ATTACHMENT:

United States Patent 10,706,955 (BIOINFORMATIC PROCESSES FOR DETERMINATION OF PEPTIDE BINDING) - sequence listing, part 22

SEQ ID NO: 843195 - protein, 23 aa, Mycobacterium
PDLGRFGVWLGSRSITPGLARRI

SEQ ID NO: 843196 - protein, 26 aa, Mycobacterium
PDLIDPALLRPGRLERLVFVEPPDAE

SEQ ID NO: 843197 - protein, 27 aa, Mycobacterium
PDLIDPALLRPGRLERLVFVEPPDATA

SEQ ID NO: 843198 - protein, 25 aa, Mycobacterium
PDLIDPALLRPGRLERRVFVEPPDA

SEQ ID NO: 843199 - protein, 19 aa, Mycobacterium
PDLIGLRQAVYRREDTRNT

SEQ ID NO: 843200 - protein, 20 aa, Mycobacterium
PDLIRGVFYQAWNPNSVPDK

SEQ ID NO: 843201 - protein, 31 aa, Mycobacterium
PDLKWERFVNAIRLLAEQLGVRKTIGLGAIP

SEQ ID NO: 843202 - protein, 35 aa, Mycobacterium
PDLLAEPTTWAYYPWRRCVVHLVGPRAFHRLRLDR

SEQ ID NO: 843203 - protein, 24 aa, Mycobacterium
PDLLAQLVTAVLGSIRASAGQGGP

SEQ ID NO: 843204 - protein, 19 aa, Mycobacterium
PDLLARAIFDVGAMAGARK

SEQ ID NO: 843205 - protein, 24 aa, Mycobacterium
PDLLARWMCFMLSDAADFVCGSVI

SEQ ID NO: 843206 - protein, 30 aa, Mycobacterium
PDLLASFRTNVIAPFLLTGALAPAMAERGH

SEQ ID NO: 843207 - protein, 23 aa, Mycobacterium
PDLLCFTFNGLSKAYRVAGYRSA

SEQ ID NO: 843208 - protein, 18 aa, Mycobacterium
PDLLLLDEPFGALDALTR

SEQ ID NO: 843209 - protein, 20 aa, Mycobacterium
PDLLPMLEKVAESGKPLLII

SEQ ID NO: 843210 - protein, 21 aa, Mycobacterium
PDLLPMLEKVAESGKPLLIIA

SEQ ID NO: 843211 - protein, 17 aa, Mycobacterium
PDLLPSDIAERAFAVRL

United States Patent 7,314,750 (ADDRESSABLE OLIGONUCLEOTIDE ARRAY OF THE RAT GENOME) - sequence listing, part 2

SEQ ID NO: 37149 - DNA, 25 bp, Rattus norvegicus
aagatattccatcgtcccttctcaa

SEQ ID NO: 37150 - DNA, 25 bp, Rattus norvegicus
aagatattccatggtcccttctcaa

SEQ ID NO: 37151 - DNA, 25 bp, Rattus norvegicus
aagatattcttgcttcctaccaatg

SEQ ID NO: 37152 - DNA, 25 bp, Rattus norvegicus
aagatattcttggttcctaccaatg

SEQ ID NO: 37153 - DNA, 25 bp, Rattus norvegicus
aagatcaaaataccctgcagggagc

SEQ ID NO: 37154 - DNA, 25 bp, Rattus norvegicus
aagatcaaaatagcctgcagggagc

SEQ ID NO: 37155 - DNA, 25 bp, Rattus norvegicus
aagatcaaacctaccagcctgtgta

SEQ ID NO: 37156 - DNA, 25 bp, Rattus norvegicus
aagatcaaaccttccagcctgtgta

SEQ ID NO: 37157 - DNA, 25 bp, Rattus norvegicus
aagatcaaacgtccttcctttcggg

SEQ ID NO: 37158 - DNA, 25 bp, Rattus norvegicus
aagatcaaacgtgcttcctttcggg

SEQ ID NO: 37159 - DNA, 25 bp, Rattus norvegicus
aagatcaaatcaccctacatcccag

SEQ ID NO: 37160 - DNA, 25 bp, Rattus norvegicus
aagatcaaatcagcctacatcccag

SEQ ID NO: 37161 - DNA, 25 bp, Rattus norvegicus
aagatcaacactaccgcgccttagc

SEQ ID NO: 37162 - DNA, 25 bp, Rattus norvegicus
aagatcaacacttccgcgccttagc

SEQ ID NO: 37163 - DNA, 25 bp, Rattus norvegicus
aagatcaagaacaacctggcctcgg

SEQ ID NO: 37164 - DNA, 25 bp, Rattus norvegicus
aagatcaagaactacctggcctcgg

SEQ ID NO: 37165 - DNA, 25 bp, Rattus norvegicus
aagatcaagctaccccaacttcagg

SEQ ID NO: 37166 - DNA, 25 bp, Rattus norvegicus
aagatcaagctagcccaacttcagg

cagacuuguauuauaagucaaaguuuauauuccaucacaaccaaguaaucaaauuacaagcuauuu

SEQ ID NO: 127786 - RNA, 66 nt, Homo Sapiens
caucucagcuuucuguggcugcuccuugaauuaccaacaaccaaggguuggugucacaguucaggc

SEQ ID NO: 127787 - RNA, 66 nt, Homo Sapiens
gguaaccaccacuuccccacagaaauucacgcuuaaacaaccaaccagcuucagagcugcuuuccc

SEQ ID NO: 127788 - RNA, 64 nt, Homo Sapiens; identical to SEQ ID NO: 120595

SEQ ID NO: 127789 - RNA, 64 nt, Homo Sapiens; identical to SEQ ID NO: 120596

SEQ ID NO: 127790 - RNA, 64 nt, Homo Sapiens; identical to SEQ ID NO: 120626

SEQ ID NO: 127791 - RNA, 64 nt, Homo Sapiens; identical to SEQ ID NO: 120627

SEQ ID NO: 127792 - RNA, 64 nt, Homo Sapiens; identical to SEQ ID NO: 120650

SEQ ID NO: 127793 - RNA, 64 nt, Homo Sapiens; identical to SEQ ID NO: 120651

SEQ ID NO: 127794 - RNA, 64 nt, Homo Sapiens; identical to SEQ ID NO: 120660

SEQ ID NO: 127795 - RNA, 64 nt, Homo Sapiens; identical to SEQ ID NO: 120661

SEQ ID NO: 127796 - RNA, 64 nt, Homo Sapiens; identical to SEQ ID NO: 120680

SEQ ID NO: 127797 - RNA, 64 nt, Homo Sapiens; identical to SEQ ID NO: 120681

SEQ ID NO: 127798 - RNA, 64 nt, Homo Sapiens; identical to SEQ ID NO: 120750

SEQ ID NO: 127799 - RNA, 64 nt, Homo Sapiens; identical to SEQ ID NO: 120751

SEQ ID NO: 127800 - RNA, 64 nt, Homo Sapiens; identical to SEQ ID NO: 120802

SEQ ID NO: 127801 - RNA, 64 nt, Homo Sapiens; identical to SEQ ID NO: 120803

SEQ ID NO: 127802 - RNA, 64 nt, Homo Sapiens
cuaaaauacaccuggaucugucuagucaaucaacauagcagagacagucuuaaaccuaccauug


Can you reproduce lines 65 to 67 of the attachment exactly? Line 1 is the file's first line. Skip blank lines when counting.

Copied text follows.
SEQ ID NO: 37163 - DNA, 25 bp, Rattus norvegicus
aagatcaagaacaacctggcctcgg

SEQ ID NO: 37164 - DNA, 25 bp, Rattus norvegicus